Films like Thittam Irandu cannot really be subjected to serious review. Not for the lead – Aishwarya Rajesh – whose presence has fired up screens in the past. Not for the director, whose… admirable intentions are ultimately expressed through questionable means. But they do make you think: how does one write about films that lack cinematic merit or worse, are utterly devoid of thought? Trash the bad, showcase the good? Strip it down and rather painfully intellectualize it to the last prop – and dialogue? Go on a tangent and subject the movie and its characters to the writer’s conceit? Fortunately, there’s a simple (and often overlooked) protocol to film-reviewing under these circumstances – structuring the writing around the questions: would I willingly watch the film until the end? And, would I recommend that the film be watched at all?
The short answer for Thittam Irandu is an emphatic no. The long answer? Perhaps. When Thittam Irandu opens, Aadhira (Aishwarya Rajesh) boards an overnight bus. She’s a cop, we get to know. We also get to know that her co-passenger in the adjacent berth is a man. ‘Double berths’ in overnight buses have no degree of separation between them – which immediately prompts the director to unleash the film’s first conflict. To sleep or not to sleep beside a strange man? Thittam Irandu very seriously considers this conflict as Aadhira dithers, decides against, and then dithers more. Soon, a romance is thrust in the midst as berth-sharing with a stranger is certainly wont to do.
But, Thittam Irandu is also a crime thriller we are told every few minutes. The trouble with the genre, as the director clearly demonstrates here, is the pressure to surprise. Vignesh Karthick, who is also the writer, sloshes the script with a number of twists and turns. A few for the better, many for the worse. It’s this undue pressure which the director takes upon himself that ultimately leads to the film’s downfall.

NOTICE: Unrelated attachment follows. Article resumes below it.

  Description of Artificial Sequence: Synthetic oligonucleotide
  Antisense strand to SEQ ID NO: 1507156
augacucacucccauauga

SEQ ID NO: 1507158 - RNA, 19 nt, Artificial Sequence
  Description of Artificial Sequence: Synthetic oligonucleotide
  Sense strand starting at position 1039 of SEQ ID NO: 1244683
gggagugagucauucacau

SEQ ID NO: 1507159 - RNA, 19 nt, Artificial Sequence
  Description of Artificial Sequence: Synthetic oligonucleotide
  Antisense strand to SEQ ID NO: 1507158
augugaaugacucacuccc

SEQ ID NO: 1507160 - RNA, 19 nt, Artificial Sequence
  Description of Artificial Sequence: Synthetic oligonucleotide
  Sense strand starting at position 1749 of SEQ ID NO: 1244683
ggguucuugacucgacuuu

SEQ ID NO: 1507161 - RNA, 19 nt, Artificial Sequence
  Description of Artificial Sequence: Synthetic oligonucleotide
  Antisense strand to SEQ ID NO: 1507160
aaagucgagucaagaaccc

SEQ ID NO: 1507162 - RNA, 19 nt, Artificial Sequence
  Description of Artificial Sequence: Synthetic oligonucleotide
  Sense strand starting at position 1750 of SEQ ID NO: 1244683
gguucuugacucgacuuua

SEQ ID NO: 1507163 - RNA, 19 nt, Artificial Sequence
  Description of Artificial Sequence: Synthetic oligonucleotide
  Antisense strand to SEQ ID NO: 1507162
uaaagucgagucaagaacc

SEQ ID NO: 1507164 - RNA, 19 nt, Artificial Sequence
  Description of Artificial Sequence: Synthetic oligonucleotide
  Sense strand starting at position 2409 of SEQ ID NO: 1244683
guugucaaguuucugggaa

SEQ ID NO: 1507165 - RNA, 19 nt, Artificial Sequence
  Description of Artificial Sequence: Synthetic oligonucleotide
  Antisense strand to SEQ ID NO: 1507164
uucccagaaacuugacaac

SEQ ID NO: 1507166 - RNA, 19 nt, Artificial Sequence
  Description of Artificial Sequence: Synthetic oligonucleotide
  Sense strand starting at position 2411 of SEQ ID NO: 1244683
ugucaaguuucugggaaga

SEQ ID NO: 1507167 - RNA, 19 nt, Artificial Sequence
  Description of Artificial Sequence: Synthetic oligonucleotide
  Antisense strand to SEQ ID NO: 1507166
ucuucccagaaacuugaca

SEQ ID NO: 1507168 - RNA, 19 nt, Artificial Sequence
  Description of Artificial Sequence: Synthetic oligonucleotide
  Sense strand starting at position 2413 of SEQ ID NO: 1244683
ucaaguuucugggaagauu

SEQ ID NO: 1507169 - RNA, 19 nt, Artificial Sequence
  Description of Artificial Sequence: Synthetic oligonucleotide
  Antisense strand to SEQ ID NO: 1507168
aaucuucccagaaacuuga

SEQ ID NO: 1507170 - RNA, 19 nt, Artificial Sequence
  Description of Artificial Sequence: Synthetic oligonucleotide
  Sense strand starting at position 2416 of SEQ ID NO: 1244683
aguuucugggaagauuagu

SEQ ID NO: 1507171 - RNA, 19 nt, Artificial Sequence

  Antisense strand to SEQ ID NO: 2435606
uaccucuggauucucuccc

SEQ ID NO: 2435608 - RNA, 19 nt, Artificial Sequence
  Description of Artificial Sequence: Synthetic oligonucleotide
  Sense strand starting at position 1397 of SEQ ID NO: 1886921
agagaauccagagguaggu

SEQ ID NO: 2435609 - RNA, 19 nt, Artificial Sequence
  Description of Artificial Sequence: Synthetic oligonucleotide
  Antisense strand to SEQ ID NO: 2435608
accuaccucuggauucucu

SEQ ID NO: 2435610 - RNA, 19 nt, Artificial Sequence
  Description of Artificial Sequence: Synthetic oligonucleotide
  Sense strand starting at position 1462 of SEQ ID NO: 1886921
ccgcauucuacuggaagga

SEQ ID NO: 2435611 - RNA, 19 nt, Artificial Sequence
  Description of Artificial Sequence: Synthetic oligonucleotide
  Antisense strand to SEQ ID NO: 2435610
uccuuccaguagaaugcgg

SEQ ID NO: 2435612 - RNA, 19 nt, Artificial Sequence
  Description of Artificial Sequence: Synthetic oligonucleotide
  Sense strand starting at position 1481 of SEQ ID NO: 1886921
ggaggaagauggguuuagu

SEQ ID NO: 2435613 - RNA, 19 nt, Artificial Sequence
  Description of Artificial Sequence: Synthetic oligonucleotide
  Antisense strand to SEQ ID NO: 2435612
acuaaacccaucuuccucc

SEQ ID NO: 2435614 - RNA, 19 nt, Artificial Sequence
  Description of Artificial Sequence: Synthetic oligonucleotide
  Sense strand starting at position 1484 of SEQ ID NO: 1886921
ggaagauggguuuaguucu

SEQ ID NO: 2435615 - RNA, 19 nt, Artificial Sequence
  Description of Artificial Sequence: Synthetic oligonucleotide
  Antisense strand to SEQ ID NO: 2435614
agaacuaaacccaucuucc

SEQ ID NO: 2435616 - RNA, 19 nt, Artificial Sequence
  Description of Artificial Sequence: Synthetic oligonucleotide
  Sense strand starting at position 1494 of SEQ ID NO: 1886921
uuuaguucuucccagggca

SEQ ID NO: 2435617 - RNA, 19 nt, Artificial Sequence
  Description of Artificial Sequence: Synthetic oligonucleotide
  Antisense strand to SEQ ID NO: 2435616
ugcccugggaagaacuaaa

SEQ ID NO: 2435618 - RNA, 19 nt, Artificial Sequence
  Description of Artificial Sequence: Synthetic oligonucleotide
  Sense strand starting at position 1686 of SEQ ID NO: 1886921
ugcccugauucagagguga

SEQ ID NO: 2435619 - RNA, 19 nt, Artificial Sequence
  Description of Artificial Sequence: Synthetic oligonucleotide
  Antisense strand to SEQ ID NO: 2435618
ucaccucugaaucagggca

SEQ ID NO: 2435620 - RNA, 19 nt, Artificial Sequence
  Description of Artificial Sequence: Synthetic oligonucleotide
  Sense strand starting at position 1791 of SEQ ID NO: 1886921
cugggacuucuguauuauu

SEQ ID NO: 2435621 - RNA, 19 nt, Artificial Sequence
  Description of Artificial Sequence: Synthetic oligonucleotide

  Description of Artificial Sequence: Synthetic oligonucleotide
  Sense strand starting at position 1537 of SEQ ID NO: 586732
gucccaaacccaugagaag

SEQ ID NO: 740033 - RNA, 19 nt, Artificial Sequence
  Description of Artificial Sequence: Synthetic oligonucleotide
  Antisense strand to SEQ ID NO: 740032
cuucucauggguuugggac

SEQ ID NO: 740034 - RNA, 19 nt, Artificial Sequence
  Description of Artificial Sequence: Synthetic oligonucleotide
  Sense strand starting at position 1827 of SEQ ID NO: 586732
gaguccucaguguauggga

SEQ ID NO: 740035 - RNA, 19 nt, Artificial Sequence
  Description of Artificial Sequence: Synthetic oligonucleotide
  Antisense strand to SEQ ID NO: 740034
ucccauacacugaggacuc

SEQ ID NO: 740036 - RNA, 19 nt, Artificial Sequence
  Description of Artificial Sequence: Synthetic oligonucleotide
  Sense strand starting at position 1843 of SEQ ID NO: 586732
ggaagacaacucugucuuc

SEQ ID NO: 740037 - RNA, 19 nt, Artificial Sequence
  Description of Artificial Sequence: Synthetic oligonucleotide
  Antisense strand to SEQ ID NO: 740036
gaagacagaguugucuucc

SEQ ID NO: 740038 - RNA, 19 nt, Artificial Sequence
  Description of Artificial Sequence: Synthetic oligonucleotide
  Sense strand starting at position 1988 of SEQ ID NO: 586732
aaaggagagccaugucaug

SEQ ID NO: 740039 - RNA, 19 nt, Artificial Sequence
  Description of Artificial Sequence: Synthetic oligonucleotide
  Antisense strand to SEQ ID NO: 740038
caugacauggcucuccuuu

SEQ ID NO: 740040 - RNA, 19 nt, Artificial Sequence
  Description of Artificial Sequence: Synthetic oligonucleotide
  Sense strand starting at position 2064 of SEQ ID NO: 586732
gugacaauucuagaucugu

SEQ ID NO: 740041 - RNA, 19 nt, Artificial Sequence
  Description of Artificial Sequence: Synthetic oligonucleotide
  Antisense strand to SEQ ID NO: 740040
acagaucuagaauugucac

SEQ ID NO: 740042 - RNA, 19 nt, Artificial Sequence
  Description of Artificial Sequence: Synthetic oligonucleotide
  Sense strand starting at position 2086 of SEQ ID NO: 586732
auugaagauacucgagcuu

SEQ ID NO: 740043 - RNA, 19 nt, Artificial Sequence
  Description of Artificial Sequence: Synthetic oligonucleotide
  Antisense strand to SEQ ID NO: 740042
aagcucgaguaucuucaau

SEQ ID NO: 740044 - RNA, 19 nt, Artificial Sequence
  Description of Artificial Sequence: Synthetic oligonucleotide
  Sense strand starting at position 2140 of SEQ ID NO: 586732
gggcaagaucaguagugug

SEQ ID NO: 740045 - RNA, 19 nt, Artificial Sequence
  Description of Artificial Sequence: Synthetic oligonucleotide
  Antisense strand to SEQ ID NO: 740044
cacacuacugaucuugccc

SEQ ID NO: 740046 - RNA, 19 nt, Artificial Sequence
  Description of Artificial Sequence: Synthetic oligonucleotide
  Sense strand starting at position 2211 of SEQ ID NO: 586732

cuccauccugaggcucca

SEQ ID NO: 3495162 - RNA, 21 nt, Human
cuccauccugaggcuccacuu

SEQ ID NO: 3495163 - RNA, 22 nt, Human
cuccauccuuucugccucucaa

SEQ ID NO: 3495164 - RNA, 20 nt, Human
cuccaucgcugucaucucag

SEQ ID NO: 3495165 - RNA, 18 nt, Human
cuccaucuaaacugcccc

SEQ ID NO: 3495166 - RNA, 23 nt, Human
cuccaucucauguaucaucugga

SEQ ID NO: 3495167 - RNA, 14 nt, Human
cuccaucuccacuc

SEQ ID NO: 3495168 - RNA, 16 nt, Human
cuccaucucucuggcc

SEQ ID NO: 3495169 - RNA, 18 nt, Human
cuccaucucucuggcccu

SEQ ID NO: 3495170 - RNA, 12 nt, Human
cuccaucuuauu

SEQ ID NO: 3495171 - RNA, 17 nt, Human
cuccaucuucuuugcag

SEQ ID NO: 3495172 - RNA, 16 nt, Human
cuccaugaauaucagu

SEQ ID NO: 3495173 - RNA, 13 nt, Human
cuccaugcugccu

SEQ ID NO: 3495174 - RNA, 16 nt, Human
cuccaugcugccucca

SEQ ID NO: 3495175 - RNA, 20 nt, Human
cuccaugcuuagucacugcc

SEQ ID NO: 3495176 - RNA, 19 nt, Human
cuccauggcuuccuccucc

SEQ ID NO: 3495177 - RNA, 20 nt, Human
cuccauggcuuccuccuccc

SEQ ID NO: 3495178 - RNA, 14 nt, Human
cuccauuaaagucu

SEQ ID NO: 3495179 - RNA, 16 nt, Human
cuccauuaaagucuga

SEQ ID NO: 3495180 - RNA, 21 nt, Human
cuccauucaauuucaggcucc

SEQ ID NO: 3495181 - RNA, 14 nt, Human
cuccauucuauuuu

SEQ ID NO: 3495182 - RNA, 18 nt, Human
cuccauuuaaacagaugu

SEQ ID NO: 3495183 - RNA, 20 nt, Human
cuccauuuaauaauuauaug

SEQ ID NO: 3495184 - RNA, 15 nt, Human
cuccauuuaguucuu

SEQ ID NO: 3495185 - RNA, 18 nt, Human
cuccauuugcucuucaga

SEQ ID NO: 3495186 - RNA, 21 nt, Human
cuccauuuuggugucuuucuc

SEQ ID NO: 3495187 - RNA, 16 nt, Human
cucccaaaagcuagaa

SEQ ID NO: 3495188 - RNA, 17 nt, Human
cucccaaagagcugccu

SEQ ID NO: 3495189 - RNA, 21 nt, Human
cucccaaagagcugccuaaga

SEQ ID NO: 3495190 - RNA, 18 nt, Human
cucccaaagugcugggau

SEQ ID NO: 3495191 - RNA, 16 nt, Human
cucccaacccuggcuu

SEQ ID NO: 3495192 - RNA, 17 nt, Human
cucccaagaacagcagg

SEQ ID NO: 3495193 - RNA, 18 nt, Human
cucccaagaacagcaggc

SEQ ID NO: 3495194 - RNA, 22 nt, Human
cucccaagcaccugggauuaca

Consider this: Aadhira’s friend is murdered, the suspect is an ex-boyfriend, the husband, a neighbourhood stalker. It’s a good place to begin with, of course. But then, the script doesn’t do what most good crime thrillers must do – eliminate suspects. The elimination doesn’t have to be linear, but the script must eventually drift towards a foreseeable end – and at this juncture, the means of arriving at the end should form the bulk of the conflict. Thittam Irandu doesn’t do that. In fact, it doesn’t eliminate anyone at all. The husband, ex-boyfriend, the neighbourhood stalker – all remain suspects until the last 10 minutes.
Then, in yet another bid to shock, it sends the audience reeling – not in a good way. (Spoiler alert) Aadhira’s friend, we learn, isn’t murdered. Aadhira’s boyfriend, we learn, is the friend who was suspected to be murdered. Because, the friend is now a man having had a traumatic childhood and past as a woman, and hopelessly in love with Aadhira all the while. It’s the latest in the series of surprises that Karthick lets unfold. Thittam Irandu wants to be an LGBTQ ally, too – but it doesn’t know how. Just like it doesn’t know how to be a crime thriller, or what women in the police force are like. At best, Thittam Irandu just needed to be put through a writing workshop.
The Thittam Irandu review is a Silverscreen original article. It was not paid for or commissioned by anyone associated with the movie. Silverscreen.in and its writers do not have any commercial relationship with movies that are reviewed on the site.